Since then, financial institutions have built technical systems and have large anti-financial crime departments at great expense to classify their customers and create risk profiles. KYC plays a central role in the customer onboarding process and risk-based transaction monitoring.
How effective is KYC for efficient transaction monitoring? Even though banks know their customers better than ever, do they also know customer transactions? critical customers and their payments. But just relying on KYC is definitely not enough.
KYC is not Enough
The KYC requirements for bank are strict and conform to a global set of guidelines agreed by a number of jurisdictions. Although the knowledge of a customer is uniform, there are no special features that describe these requirements as an internationally acceptable standard. Some jurisdictions have regulations, while others leave it up to market participants to do so in accordance with the wording and spirit of the law.
Today, most KYC processes are manual and usually static; Once the KYC due diligence has been carried out, there is little to no follow-up action. The person or company ensures that they are present on paper for as long as the law requires. The reality is that things are always changing in the business world. This makes ongoing due diligence a further problem for banks. How should banks efficiently and effectively carry out ongoing due diligence across their entire customer base?
As technology plays an increasingly important role in the financial services industry, the liability of financial institutions will only increase. Compliance with a financial crime is increasingly coming into focus. and its participants can become more and more transparent. Legislators are motivated to protect investors, make markets fair and efficient, fight terrorist financing and fight money laundering. Know your transaction will be an inevitable facet of future regulation.
A Deep Dive into KYT
At the center of all financial transactions is the need for clarity about the counterparties involved and the purpose of the payment. These are the most basic requirements. To further complicate matters, for example, if one company is making payments to another company, additional documents may be required. These can be waybills, tax withholding documents, government documents, proof of identity, or even proof of residence. Sometimes even more detailed details are required, for example, who checked which document in which process step.
Transaction level information, where this data is centralized and easily referenced, therefore has many advantages. The key to industry leadership is moving to a model where banks know more about their customer’s transactions.
KYT is that model. Automated message enrichment with accurate and relevant information taken directly from the original data sources, rather than manually, is the ideal scenario. Build more trust between affiliates and correspondent banks, lower operating costs, and increase security with a simplified compliance process that counterparties can trust.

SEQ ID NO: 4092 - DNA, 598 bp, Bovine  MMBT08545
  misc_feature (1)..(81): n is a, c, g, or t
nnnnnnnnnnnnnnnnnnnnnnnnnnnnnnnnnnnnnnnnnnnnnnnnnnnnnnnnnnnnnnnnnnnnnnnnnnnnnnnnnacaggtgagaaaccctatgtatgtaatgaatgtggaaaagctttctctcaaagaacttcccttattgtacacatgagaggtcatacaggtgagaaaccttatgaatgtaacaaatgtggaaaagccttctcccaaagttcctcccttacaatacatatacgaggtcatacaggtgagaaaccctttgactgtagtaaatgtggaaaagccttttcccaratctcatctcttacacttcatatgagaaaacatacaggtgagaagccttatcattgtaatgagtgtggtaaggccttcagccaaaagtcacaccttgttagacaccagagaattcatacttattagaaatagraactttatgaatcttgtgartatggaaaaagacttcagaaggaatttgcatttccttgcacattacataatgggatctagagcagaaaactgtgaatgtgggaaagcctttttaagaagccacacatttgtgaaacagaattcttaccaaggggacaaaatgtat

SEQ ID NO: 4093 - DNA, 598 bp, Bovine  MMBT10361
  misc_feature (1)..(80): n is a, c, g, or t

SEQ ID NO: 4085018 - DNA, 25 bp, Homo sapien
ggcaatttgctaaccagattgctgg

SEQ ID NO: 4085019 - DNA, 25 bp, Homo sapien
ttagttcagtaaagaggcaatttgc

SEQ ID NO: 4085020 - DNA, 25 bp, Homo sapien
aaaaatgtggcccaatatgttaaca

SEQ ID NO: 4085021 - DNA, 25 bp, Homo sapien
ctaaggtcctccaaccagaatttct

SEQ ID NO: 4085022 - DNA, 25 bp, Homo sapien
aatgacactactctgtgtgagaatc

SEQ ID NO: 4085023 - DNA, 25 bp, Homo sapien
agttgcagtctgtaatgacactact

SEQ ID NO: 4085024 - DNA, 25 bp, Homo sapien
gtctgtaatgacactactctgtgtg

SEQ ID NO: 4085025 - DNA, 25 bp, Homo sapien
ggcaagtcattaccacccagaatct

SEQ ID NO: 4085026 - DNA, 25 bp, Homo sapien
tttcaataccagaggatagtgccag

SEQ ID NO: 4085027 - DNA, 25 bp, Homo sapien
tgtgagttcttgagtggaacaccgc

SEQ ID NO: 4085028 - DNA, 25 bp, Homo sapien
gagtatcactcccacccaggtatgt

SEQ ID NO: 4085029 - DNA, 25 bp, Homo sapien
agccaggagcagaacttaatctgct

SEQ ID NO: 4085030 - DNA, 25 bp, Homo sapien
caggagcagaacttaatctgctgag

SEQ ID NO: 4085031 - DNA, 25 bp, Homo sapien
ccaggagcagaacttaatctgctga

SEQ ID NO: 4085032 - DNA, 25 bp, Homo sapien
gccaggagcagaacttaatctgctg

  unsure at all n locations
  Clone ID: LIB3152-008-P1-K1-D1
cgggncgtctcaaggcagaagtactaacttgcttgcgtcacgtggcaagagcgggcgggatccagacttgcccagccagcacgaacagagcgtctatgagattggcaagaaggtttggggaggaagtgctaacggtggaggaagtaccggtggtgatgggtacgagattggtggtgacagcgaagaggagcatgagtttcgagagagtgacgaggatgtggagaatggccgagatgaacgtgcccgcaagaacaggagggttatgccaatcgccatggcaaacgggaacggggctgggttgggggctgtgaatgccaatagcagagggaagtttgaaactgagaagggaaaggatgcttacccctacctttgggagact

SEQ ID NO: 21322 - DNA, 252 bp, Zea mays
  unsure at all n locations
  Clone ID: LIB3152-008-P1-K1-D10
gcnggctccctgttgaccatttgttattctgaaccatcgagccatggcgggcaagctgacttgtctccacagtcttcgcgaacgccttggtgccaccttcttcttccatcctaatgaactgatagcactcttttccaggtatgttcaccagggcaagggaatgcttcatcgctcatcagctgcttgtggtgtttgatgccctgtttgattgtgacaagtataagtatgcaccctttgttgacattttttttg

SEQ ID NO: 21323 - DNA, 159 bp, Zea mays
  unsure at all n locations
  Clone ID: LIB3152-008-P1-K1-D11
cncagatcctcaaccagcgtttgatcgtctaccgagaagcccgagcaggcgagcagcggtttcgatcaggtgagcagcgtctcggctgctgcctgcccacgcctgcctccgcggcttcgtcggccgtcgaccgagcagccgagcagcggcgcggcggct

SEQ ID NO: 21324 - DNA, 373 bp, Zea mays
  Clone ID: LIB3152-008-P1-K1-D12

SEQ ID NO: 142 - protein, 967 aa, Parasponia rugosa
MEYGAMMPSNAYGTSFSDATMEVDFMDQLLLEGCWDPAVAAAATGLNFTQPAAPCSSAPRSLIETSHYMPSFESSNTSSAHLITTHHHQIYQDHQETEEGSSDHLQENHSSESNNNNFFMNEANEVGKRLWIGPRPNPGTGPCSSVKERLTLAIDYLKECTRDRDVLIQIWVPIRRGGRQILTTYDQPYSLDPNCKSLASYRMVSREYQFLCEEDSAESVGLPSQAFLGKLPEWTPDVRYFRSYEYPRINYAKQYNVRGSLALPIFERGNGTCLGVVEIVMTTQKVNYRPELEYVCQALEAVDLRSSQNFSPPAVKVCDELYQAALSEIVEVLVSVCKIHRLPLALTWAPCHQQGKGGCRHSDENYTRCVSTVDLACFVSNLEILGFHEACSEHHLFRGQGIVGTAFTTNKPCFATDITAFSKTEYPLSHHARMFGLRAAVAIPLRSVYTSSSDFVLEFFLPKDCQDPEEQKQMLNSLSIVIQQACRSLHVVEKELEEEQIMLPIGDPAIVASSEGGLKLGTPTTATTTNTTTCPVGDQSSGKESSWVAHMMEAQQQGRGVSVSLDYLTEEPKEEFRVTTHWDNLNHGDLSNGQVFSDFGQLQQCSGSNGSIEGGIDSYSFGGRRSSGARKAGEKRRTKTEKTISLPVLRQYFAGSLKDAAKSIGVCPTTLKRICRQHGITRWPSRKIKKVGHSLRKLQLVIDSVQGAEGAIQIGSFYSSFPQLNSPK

Why Is Transaction Laundering Used?
Similar to money laundering, criminals have to hide the income from prohibited e-commerce transactions, such as illegal online gambling or child pornography and integrate them into the legitimate financial system. for merchant accounts, but your accounts can also be terminated and reported if your partner website exhibits noticeably reduced business activity. After this, criminals began to exploit phantom websites to continue their fraudulent e-commerce activities unnoticed, which facilitated the birth of transaction laundering.
How to Implement KYT Effectively Under These Conditions?
A look at those involved in the transaction is promising. On the one hand, it is about recognizing who is the sender and recipient of a payment, but also which banks are involved; especially for payments from foreign banks or correspondents. Even if the regulatory authority does not prescribe the monitoring of non-customer transactions, it is worth taking a closer look here.
What information is there about the participants in a payment? Can you get information from the media or the internet? Are there entries for the parties in relevant lists? Particularly with regard to non-customers, correspondent banks, NGOs, etc.,
Transaction monitoring should be improved. Examples are the identification of companies, companies, and NGOs in combination with keywords from the areas of donations, refunds, or cancellations. Another example is the selection of names and addresses against Lists of known mailbox company addresses. Compliance employees receive more detailed information to assess whether a suspicious payment has been made.
Another challenge in transaction monitoring is the identification of all payment participants. Non-customers of banks may not have a unique identifier and account number identification or IBAN. In addition, SWIFT FIN offers several options for defining names, addresses, and bank details via the letter option. This often means that transactions with the same payee are not recognized as such due to different spellings. Only by merging the name and address data with a clear identification can sales be reliably grouped and different cash flows recorded.
This requires a bottom-up process in the transaction monitoring system that uses smart algorithms and fuzzy logic to automatically identify identical participants and forwards them to the monitoring system. with your unique identifier. With such a system, the quality of the alarms improves significantly and banks know their transactions much better.